When it comes to holiday jewelry, diamonds and gold remain the timeless classics.
But other metals and stones have worked their way into the holiday lineup as intriguing options.
In particular, there seems to be quite a run on silver, says Bernie Butterfield of Butterfield Jewelers.
“Silver is the new gold,” he says. “Its popularity is because of its price point. At $20 an ounce, you can get some really beautiful things. It makes it more affordable.”
A pear-shaped pendant hung from a silver necklace by Rebecca for $370 complemented by a silver braided bracelet by Rebecca for $299 makes a stunning combination, Butterfield says.
Still, it’s hard to beat the brilliance of a diamond, especially when apparently floating in air.
Known as the Shimmering Diamond, the collection by Ostbye features a faceted diamond that has been laser-drilled then suspended in its casing via a wire, giving the impression that it’s floating. Prices start at $750 for necklaces, of which Butterfield says, “I think it’s going to be very popular.”
Colored, fresh-water pearls are also a popular gift choice, he says. Innovative bracelets combining green and white pearls run from $250 to $450.
Bastian combines silver with diamonds in a teardrop pendant and chain that together sells for $600. Ten diamond chips accent the side of the silver teardrop, creating a fetching visual collaboration.
Beauchamp Jewelers is featuring some designers who are also making use of silver, says Ron Beauchamp.
Designer Ariva is making use of sterling silver with 18-karat gold accent utilizing a signature texture silk weave to give the designs a distinctive look, he says.
“It’s affordable and it’s unique,” Beauchamp says. “It’s not something you’re going to see on every other woman in Albuquerque.”
The base necklace goes for $975, and “you can attach any number of enhancing pendants to it,” he says.
The same designer also came up with a $150 ring design that will be appreciated for its local touch.
A layer of turquoise is set in a base of sterling silver with the signature silk weave and the turquoise is then covered in a colorless quartz to enhance and enrich the aqua-blue underneath.
Jude Frances makes use of heavy sterling silver with contrasting oxidized silver in combination to establish arresting patterns of light and dark in bracelets.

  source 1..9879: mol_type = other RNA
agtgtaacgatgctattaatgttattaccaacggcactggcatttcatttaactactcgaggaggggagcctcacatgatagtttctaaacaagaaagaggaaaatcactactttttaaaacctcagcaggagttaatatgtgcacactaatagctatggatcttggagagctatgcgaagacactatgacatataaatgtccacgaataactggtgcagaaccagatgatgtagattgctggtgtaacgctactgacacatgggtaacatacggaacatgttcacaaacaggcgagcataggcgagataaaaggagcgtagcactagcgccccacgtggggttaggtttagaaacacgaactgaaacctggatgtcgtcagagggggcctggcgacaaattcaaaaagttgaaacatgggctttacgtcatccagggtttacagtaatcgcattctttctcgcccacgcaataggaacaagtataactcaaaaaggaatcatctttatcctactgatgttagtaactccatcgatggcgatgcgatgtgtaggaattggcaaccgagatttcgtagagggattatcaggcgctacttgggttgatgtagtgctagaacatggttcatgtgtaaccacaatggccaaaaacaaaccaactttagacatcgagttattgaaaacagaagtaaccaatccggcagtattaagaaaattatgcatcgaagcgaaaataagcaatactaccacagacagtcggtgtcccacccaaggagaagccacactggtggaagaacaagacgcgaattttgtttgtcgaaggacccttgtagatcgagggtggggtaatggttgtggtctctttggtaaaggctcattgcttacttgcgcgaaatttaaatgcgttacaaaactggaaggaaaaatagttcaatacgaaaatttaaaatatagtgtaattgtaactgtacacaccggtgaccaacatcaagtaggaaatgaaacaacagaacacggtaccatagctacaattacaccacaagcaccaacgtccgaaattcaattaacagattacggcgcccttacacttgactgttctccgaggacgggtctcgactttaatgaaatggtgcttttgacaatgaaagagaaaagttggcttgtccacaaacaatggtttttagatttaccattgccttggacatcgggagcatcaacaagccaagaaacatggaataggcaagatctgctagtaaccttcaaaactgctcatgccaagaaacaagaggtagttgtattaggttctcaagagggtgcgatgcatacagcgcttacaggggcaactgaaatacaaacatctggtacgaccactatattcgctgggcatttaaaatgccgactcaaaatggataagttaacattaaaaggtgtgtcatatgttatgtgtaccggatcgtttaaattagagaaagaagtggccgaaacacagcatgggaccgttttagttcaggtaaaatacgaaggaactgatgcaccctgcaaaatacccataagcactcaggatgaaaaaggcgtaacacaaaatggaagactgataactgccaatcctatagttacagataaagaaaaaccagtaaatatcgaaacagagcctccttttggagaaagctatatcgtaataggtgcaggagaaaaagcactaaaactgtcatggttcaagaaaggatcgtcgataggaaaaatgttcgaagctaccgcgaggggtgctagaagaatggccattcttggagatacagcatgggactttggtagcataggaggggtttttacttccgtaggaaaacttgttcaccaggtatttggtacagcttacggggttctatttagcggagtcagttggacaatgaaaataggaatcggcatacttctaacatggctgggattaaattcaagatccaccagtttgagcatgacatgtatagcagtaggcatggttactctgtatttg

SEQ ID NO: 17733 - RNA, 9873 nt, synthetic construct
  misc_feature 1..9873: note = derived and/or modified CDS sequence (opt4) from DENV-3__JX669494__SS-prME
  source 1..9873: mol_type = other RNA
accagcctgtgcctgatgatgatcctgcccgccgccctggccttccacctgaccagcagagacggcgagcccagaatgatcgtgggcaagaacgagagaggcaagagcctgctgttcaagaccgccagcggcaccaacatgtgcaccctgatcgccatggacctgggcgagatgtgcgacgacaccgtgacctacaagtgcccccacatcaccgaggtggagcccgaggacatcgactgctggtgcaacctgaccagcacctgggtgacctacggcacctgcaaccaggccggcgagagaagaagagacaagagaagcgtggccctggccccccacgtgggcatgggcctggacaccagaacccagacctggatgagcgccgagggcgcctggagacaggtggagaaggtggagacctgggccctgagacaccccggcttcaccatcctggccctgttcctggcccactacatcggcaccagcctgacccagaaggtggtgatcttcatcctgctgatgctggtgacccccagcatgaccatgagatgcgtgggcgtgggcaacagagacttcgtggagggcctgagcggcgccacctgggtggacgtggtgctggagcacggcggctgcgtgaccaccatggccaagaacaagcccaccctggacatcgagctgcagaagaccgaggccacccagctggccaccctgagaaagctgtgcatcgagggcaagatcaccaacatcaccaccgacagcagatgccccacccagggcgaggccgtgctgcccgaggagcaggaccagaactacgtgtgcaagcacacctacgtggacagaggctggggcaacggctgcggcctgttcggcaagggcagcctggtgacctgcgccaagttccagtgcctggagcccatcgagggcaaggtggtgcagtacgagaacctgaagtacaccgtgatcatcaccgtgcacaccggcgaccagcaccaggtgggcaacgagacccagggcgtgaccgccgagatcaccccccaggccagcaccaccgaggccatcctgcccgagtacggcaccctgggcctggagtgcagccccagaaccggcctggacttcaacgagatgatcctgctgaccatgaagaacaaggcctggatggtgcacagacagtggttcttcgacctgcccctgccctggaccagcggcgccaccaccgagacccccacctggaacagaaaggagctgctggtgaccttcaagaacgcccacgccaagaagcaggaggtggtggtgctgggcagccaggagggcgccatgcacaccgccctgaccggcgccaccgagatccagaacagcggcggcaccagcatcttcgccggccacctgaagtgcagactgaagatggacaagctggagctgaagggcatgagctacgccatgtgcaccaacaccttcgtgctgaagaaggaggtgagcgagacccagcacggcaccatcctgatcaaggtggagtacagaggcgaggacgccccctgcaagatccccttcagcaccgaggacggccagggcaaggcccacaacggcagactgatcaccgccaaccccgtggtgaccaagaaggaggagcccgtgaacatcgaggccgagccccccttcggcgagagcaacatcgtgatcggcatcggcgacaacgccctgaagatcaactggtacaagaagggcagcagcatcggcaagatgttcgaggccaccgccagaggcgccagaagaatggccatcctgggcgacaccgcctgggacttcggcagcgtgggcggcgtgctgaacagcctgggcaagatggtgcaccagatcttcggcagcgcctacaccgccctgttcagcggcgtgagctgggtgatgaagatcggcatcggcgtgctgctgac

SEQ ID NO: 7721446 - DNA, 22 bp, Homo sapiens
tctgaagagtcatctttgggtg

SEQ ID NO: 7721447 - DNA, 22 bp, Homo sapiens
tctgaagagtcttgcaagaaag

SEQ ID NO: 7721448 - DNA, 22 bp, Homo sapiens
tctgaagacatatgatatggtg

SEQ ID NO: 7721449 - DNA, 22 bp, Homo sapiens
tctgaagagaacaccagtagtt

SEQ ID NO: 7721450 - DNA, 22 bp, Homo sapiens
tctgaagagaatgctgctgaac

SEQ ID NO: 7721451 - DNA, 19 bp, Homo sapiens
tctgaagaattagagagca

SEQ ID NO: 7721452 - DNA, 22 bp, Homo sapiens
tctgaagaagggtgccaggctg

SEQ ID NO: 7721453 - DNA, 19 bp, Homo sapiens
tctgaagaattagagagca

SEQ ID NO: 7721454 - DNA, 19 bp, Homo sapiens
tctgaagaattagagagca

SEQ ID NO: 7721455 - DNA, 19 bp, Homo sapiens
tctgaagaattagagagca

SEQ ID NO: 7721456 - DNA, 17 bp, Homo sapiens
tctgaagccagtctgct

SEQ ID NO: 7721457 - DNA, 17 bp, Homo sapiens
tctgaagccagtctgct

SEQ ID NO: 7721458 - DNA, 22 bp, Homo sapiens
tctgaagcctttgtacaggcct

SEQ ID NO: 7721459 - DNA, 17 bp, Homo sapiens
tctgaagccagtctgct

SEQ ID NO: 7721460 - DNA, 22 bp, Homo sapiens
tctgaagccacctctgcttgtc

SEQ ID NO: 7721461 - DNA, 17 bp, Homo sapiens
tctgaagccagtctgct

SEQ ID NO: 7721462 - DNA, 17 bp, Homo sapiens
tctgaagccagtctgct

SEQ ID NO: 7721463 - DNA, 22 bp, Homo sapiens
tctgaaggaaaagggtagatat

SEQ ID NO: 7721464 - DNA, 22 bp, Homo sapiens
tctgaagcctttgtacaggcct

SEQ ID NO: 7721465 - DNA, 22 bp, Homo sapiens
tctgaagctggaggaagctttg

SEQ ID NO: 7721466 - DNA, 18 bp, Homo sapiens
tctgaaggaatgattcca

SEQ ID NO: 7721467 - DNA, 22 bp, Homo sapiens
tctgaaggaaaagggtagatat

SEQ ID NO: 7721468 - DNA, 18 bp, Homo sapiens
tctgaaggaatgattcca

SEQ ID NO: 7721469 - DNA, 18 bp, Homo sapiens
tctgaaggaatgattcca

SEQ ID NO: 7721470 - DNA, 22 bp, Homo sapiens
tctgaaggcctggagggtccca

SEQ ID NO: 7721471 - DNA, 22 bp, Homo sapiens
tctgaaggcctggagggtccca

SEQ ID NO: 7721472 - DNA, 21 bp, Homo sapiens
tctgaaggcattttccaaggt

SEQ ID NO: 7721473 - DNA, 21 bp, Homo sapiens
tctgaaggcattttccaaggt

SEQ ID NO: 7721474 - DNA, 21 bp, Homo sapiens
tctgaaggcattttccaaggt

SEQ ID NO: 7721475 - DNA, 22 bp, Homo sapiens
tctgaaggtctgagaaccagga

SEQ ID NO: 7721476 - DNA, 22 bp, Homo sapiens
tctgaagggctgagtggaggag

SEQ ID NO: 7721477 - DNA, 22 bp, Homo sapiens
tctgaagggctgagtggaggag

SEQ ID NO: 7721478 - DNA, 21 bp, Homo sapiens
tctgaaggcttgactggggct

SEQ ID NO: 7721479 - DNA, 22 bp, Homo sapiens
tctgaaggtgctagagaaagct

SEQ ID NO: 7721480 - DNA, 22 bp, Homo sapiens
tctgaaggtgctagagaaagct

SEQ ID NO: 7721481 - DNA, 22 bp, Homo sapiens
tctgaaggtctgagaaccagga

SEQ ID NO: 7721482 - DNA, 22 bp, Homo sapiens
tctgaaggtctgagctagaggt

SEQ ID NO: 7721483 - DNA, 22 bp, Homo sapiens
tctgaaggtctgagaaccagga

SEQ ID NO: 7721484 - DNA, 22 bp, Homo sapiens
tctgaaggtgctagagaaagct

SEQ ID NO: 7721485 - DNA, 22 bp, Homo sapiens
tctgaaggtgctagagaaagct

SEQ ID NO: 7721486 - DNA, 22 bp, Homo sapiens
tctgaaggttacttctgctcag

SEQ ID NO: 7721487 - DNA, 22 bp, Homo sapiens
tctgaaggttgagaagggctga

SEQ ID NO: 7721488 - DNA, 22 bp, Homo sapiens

“I love the weight to it,” Beauchamp says. “It’s got a wonderful heft to it.”
The hinged-bangle bracelets that can also contain topaz accents go from $770 to $2,990.
“A lot of designers and retailers are featuring sterling silver,” Beauchamp says. “If course, here in the Southwest, it’s always been a popular choice.”
Beauchamp’s also carries antique jewelry that he believes make special gift items because of their one-of-a-kind nature.
For instance, a gothic-like, pin-on pendant of sterling silver, circa 1900, goes for $795.
But when it comes to gold, the Roberto Coin collection attracts attention, Beauchamp says, because of its unusual development.
Coin takes 18-karat gold and makes it “fluid, like it’s flowing,” Beauchamp says. “It’s really unusual.”
Each of his pieces has a signature ruby on the inside of the pieces to lie against the skin because the ancient Egyptians believed rubies bring the wearer long life, health and happiness, he says.
A large necklace costs $18,200.
At Shelton Jewelers, traditional yellow gold is giving way to rose-colored gold as designers are using creative ways to find new looks.
One of the truly interesting pieces is a ring with a slice of an amethyst geode designed by S & R. The striking purple stone ring costs $1,450.
“You can see all of the cycles of growth,” says Erica Shelton, marketing manager.
On the men’s end of things, while not really jewelry per se, a mokume pen by William Henry is a stunning accessory. The base is made from petrified brontosaurus bone and is trimmed in rose-colored gold with diamonds.
“It writes as good as it looks,” Shelton says of the $2,950 pen. “It’s perfect for the guy who has everything.”
And a small pocket knife by William Henry that costs $1,575 has inlaid sapphires that spring the blade, which is constructed in the same manner as samurai swords, she says.
“People say it’s too pretty to use, but go ahead, the steel is strong,” Shelton says.
Also popular this year are stackable rings, says Christina Perea, one of Shelton’s main buyers.
Created by First Image Design, the series of rings are made from different metals with different colors and are made to wear together on the finger to create different patterns. The rings start at $745 each.
“These are a lot of fun,” Perea says. “You can create any kind of look you want. There are a mix of golds and black diamonds. They can create high fashion and are in style every day.”